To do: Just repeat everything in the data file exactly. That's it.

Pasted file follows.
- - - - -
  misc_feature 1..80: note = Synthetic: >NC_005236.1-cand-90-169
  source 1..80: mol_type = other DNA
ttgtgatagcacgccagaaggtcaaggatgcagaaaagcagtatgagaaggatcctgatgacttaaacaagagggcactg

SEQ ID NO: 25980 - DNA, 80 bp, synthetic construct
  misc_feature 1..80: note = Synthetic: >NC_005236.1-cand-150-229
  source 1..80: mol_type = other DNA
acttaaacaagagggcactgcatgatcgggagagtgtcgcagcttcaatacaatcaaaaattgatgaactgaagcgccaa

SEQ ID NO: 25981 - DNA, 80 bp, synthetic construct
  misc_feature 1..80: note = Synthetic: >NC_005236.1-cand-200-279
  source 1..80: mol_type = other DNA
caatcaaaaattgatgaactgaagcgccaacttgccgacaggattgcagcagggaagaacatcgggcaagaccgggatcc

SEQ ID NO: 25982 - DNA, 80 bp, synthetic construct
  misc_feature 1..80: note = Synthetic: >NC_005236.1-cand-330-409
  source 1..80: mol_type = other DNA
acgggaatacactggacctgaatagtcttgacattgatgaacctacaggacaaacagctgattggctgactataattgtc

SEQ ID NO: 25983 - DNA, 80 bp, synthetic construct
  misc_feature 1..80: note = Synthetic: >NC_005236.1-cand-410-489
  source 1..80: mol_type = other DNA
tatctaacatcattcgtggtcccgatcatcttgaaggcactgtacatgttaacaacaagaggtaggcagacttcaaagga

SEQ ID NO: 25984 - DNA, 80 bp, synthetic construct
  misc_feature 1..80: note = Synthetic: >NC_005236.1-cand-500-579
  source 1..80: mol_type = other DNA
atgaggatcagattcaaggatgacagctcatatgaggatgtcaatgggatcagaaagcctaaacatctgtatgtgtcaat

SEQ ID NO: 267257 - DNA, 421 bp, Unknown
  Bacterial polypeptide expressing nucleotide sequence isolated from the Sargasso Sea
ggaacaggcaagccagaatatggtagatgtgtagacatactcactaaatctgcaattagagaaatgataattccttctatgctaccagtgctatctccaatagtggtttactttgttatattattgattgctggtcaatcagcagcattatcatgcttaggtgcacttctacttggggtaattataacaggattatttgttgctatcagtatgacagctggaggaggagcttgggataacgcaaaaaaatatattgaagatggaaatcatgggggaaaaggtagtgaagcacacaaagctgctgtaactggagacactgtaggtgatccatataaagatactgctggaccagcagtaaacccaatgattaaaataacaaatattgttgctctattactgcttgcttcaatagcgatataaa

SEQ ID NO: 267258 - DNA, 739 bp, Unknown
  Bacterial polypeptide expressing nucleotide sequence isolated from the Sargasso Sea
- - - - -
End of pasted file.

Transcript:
  misc_feature 1..80: note = Synthetic: >NC_005236.1-cand-90-169
  source 1..80: mol_type = other DNA
ttgtgatagcacgccagaaggtcaaggatgcagaaaagcagtatgagaaggatcctgatgacttaaacaagagggcactg

SEQ ID NO: 25980 - DNA, 80 bp, synthetic construct
  misc_feature 1..80: note = Synthetic: >NC_005236.1-cand-150-229
  source 1..80: mol_type = other DNA
acttaaacaagagggcactgcatgatcgggagagtgtcgcagcttcaatacaatcaaaaattgatgaactgaagcgccaa

SEQ ID NO: 25981 - DNA, 80 bp, synthetic construct
  misc_feature 1..80: note = Synthetic: >NC_005236.1-cand-200-279
  source 1..80: mol_type = other DNA
caatcaaaaattgatgaactgaagcgccaacttgccgacaggattgcagcagggaagaacatcgggcaagaccgggatcc

SEQ ID NO: 25982 - DNA, 80 bp, synthetic construct
  misc_feature 1..80: note = Synthetic: >NC_005236.1-cand-330-409
  source 1..80: mol_type = other DNA
acgggaatacactggacctgaatagtcttgacattgatgaacctacaggacaaacagctgattggctgactataattgtc

SEQ ID NO: 25983 - DNA, 80 bp, synthetic construct
  misc_feature 1..80: note = Synthetic: >NC_005236.1-cand-410-489
  source 1..80: mol_type = other DNA
tatctaacatcattcgtggtcccgatcatcttgaaggcactgtacatgttaacaacaagaggtaggcagacttcaaagga

SEQ ID NO: 25984 - DNA, 80 bp, synthetic construct
  misc_feature 1..80: note = Synthetic: >NC_005236.1-cand-500-579
  source 1..80: mol_type = other DNA
atgaggatcagattcaaggatgacagctcatatgaggatgtcaatgggatcagaaagcctaaacatctgtatgtgtcaat

SEQ ID NO: 267257 - DNA, 421 bp, Unknown
  Bacterial polypeptide expressing nucleotide sequence isolated from the Sargasso Sea
ggaacaggcaagccagaatatggtagatgtgtagacatactcactaaatctgcaattagagaaatgataattccttctatgctaccagtgctatctccaatagtggtttactttgttatattattgattgctggtcaatcagcagcattatcatgcttaggtgcacttctacttggggtaattataacaggattatttgttgctatcagtatgacagctggaggaggagcttgggataacgcaaaaaaatatattgaagatggaaatcatgggggaaaaggtagtgaagcacacaaagctgctgtaactggagacactgtaggtgatccatataaagatactgctggaccagcagtaaacccaatgattaaaataacaaatattgttgctctattactgcttgcttcaatagcgatataaa

SEQ ID NO: 267258 - DNA, 739 bp, Unknown
  Bacterial polypeptide expressing nucleotide sequence isolated from the Sargasso Sea